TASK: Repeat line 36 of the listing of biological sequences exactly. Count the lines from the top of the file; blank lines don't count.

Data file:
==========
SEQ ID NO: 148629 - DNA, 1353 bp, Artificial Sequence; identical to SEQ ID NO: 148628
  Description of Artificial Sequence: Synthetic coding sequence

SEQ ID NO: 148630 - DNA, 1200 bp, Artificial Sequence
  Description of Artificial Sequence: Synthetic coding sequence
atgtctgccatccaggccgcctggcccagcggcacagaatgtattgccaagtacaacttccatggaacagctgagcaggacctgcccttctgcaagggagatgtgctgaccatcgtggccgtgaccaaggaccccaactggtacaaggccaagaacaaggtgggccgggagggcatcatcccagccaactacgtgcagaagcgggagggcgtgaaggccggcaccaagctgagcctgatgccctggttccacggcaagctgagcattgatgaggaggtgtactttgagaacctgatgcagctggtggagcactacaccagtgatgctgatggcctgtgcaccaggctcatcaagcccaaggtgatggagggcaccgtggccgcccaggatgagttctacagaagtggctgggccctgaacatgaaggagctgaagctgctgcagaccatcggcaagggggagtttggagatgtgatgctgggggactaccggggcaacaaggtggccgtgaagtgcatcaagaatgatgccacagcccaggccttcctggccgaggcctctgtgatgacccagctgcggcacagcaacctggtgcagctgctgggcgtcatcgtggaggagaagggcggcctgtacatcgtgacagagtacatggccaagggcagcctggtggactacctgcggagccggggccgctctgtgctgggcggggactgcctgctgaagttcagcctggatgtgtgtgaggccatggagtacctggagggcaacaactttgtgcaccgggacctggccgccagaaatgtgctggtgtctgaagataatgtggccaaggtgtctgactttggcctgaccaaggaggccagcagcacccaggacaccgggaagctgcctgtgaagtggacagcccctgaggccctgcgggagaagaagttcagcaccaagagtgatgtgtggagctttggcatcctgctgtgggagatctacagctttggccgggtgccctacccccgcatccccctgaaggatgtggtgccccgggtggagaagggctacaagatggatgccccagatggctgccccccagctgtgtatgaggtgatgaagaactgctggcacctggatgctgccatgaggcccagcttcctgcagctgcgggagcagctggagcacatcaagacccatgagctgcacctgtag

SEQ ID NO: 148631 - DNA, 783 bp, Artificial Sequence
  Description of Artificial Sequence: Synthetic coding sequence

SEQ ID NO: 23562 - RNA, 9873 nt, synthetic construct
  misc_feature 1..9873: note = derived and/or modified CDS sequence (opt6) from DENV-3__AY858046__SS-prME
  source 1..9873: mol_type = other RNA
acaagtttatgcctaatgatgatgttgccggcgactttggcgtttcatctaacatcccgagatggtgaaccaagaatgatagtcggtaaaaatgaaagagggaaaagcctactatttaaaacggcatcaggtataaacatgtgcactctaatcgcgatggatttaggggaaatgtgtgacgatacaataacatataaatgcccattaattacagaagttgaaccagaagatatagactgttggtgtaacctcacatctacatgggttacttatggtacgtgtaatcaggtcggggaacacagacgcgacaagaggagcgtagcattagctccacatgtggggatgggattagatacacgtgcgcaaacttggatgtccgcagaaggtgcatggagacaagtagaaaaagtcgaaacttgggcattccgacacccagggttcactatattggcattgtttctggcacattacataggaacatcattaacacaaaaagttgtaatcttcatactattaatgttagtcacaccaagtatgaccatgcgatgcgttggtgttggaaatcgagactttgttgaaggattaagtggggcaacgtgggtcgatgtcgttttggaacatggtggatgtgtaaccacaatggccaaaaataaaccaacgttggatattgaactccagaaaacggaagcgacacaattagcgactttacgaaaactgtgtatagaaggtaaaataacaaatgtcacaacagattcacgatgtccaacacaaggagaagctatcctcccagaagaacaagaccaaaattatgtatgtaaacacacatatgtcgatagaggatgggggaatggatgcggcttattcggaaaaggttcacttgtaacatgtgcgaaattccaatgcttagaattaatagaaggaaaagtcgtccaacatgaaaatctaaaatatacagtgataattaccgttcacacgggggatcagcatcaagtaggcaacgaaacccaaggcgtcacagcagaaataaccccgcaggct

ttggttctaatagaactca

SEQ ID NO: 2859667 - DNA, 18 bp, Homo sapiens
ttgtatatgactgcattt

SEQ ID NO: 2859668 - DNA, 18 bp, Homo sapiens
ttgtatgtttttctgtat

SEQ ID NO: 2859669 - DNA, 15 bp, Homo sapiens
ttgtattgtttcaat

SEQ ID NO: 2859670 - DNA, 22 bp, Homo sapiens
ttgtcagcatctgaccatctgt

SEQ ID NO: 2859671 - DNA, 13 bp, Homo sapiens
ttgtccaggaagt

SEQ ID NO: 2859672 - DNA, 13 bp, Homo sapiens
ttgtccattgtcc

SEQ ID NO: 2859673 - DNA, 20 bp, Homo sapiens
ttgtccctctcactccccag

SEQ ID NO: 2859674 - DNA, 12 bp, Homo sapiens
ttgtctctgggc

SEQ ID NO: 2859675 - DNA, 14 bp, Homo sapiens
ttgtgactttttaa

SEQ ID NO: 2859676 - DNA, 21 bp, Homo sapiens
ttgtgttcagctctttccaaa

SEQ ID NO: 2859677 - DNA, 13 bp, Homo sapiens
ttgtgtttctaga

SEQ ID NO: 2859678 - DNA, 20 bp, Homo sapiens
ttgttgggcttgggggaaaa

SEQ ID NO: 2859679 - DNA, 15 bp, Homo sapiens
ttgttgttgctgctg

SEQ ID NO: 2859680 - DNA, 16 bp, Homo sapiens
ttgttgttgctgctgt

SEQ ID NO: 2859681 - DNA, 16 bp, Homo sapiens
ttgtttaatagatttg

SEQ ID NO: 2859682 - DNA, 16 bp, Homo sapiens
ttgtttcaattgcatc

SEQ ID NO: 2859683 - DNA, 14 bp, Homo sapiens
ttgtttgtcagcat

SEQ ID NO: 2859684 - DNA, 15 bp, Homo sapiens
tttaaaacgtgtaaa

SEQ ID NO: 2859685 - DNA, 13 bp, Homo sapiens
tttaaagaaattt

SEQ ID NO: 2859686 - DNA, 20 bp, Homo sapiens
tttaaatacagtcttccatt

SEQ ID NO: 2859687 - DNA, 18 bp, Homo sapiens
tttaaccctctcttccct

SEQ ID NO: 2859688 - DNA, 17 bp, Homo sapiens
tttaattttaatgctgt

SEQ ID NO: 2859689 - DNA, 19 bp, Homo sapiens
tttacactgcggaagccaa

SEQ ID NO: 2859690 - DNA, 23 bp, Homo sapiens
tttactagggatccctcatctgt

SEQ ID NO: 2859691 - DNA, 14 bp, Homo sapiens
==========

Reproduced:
ttgttgggcttgggggaaaa